When: Sunday July 2, 2016
Where:Somewhere in the middle of the mountains between Cap-Haitian and Gonaives, Haiti
Kreyol Word of the Day: Frape- "to hit"
Bible Verses: Exodus 14:14-The Lord will fight for you, and you have only to be silent.”
Matthew 9:13- Go and learn what this means, ‘I desire mercy, and not sacrifice.’ For I came not to call the righteous, but sinners.”
Pierre is maneuvering bumps, potholes, and hairpin curves all the way down this mountain. As we are driving, a tap-tap (taxi motorcycle) with three passengers on it, pass us yelling something in Creole. Pierre translates and says that they are yelling that we hit them. We are bouncing around in the big F350. When people saw us bouncing a vehicle the size of a bus down the mountain they moved out of our way, and none of us could recall hitting a motorcycle.
The motorcycle passes us and we continue bouncing down the road to the bottom of the mountain. As soon as we reach smooth pavement, a Haitian police car stops us and asks us if we hit a motorcycle. In the background, I see the tap-tap passengers pointing angrily at us. Pierre begins to explain it was a bumpy ride. This is where I learned the Kreyol Word of the Day because all I heard from Pierre, the police officer, and the driver of the tap-tap was frape...frape...frape.
I immediately began taking some offense. I knew the trio of tap-tap passengers where lying. Now, this is where I would roll my window down, furrow my brow, cross my arms, and call them all liars. But, I was in Haiti, can say a handful of words in Kreyol (Liars happens to not be one of the words I know in Kreyol), and I don’t want to disrespect my husband or the policeman with the military assault rifle on his left hip and a machete on his right hip. (He didn’t really have a machete on his hip, but I know one had to be close by.)
At this point, wouldn’t you panic? I’m powerless, vulnerable, and have our two youngest kids with us asking if daddy is about to go to jail. Usually, when I have no control I can always trust that Pierre has the control. This time He didn’t even have control! Just as Pierre finished saying, “Frape”. The police officer cut him off and told him to follow him to the police station.
Are you a sheep or a goat? Why do you need to know the answer to this question:
"When the Son of Man comes in his glory, and all the angels with him, he will sit on his throne in heavenly glory. All the Nations will be gathered before him, and he will separate the people one from another as a shepherd separates the sheep from the goats. He will put the sheep on his right and the goats on his left." --Matthew 25:31
Read on, weigh your heart, and discover if you are a sheep or a goat.
Have you ever had to ask someone:
“Is there any medicine to keep me from feeling hungry?
Yes? But, this isn’t so you can lose weight. It’s to lose the pain--the numbing pain of hunger.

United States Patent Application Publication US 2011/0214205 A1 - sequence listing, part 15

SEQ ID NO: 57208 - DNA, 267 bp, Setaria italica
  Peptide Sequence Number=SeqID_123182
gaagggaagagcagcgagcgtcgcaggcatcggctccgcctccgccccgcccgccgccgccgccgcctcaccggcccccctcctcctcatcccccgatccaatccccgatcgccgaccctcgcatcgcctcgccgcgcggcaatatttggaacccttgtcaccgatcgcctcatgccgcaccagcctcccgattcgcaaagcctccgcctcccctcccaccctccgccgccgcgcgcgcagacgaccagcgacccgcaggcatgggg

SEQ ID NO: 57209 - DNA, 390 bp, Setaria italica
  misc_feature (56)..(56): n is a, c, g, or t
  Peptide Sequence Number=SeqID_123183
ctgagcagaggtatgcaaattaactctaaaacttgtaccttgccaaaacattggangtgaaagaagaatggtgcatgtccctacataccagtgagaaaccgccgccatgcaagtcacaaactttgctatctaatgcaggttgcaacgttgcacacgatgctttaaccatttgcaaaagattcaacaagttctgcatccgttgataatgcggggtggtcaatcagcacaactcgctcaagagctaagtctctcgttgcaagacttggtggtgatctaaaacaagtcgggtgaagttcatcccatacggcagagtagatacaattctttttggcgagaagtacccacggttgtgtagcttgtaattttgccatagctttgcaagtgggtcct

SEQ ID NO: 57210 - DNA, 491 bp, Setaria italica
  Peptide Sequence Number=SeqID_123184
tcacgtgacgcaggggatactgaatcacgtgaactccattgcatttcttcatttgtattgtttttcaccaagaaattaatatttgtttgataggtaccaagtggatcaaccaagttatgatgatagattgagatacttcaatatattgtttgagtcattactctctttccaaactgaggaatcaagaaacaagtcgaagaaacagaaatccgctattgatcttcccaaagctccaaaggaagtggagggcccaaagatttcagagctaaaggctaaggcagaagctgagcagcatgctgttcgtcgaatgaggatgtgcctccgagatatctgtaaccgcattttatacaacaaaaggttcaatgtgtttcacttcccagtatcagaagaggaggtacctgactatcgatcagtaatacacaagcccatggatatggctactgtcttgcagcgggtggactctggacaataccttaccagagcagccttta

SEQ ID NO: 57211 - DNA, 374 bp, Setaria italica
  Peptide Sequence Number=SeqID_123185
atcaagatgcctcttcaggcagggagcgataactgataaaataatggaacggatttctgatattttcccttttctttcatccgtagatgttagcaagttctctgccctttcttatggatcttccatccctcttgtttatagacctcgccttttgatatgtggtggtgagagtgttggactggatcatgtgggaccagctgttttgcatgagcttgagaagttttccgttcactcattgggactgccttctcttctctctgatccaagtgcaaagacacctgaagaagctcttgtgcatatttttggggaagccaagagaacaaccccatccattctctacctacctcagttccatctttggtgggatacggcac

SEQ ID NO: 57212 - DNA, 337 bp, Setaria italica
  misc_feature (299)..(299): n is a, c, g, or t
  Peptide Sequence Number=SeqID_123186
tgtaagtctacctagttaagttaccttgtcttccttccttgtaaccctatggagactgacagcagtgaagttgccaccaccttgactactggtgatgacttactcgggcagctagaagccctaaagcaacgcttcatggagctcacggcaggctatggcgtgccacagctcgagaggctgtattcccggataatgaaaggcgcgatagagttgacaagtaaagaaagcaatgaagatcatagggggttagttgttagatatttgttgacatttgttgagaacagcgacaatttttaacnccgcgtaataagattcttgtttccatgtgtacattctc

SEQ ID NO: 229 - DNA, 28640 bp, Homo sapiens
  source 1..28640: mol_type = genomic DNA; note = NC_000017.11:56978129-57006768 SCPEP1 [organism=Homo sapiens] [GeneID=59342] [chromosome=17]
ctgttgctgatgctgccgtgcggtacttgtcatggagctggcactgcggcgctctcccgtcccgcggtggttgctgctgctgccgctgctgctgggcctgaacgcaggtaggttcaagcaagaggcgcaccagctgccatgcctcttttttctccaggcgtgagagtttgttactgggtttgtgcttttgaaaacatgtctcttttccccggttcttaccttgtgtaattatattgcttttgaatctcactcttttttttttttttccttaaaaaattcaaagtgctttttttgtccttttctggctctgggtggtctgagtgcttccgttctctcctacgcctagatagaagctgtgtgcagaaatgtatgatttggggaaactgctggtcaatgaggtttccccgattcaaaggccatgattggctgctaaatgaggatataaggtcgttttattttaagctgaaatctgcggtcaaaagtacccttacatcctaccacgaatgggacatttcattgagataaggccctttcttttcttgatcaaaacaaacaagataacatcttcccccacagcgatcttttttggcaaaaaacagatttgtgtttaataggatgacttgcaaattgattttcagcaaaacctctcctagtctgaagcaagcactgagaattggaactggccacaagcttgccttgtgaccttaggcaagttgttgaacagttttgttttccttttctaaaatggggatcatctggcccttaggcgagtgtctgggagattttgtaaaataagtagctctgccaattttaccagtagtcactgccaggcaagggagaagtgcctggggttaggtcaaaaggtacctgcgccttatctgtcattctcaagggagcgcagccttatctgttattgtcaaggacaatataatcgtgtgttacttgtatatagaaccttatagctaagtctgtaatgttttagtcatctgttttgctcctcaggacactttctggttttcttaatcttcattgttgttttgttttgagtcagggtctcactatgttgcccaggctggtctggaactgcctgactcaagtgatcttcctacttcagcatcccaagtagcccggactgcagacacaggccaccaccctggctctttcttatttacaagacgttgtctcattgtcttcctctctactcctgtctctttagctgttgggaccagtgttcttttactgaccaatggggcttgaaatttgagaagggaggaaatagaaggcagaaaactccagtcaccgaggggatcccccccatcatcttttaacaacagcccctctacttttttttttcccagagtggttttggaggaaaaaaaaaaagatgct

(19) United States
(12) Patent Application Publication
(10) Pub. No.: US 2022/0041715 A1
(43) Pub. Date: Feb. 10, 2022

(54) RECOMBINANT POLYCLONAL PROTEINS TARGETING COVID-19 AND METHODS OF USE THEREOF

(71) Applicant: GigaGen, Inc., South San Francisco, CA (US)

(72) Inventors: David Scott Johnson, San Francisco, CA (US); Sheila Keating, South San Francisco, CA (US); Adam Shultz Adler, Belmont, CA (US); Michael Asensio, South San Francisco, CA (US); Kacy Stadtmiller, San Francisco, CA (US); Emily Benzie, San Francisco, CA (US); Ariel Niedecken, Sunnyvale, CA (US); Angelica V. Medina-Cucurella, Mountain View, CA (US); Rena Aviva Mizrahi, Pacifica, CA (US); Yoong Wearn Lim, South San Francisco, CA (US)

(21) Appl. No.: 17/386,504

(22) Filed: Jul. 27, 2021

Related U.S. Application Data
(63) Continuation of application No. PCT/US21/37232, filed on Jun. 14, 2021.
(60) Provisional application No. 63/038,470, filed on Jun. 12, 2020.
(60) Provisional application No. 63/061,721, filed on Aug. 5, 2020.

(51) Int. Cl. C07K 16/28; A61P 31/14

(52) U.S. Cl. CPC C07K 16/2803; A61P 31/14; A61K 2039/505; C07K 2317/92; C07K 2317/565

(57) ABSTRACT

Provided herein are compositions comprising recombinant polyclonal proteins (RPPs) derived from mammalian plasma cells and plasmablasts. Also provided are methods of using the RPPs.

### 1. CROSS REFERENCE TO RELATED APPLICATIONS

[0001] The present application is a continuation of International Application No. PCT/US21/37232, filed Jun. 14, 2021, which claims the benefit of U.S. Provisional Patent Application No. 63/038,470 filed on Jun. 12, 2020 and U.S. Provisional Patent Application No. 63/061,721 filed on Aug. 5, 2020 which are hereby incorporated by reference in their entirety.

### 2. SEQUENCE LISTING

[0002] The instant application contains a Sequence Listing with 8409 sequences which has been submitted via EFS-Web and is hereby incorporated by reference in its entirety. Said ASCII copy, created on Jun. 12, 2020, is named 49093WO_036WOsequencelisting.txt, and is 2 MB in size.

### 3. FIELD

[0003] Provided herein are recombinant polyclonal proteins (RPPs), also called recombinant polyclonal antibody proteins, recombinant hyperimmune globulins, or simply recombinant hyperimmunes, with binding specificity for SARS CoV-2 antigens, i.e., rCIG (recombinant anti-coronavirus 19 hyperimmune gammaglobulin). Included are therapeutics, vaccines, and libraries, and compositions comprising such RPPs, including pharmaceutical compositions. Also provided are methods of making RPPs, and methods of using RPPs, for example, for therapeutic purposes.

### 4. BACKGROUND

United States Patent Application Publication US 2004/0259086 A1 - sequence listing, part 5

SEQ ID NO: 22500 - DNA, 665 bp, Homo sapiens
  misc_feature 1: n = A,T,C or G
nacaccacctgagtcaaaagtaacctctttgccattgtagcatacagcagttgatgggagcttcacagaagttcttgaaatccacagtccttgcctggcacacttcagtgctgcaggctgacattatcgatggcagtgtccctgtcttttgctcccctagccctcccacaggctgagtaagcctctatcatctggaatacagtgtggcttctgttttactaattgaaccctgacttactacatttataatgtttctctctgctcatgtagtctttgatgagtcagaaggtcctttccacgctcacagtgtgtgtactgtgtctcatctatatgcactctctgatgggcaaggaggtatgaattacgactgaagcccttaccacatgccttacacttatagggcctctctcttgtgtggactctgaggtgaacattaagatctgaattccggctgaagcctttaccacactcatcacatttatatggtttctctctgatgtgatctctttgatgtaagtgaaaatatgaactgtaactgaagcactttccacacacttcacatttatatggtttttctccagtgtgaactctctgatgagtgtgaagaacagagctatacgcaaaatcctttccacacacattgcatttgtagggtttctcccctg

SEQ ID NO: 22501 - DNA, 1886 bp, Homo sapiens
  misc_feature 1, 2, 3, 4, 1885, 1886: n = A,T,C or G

Have you ever had to tell your child:
“We don’t have any food in the house. This is all I could pull together. You’re going to have to eat it or go to bed hungry.”
Yes? But, then you hand your child a cookie made of dirt, water, and the little bit of flour you had left?
Have you ever prayed over your food:
“God, please bless this food for the nourishment of our bodies?”
Yes? But, it’s because the dirt cookie you just gave your child is made from the same dirt people walk on, spit on, and use the bathroom on. And, even if the dirt cookie gives your child worms, you pray MOST OF ALL for it to stop your child’s pain of hunger?
What would you ask someone just so you could stop the pain of hunger?What would you tell a child so you can stop their cries of hunger?
This is what sheep will do and what God will do:
“Then the King will say to those on his right, ‘Come, you who are blessed by my Father; take your inheritance, the kingdom prepared for you since the creation of the world. For I was hungry and you gave me something to eat,” –Matthew 25:34-35
“…whatever you did for one of the least of these brothers and sisters of mine, you did for me.’ –Matthew 25:40
This is what goats will do and what God will do:
“‘Depart from me, you who are cursed, into the eternal fire prepared for the devil and his angels. For I was hungry and you gave me nothing to eat,” –Matthew 25:41-42
“He will reply, ‘Truly I tell you, whatever you did not do for one of the least of these, you did not do for me.’” –Matthew 25:45
The freedom of this personality test is that you get to decide the outcome. This is the same freedom you get when you open up your heart and let Christ in.
So, you are free to choose. What are you going to be today? A Sheep or A Goat?
Emmanuel was one of our guides while hiking up Sky Mountain in Haiti. He had no shoes so, he asked a neighbor if he could borrow shoes to take us up the mountain. All the while we climbed up the mountain, he was patient with the many breaks, I'm embarrassed to say, I forced the group to take. On our way down the mountain, Emmanuel was the one to volunteer to run, what seemed down half the Earth, to get water for us to drink. We had 3 other guides with us, but while we lay near death, they just left us. Later we found out, to go rest underneath a shaded area of trees. Emmanuel however, stayed with us, and without a second thought went to get water for us.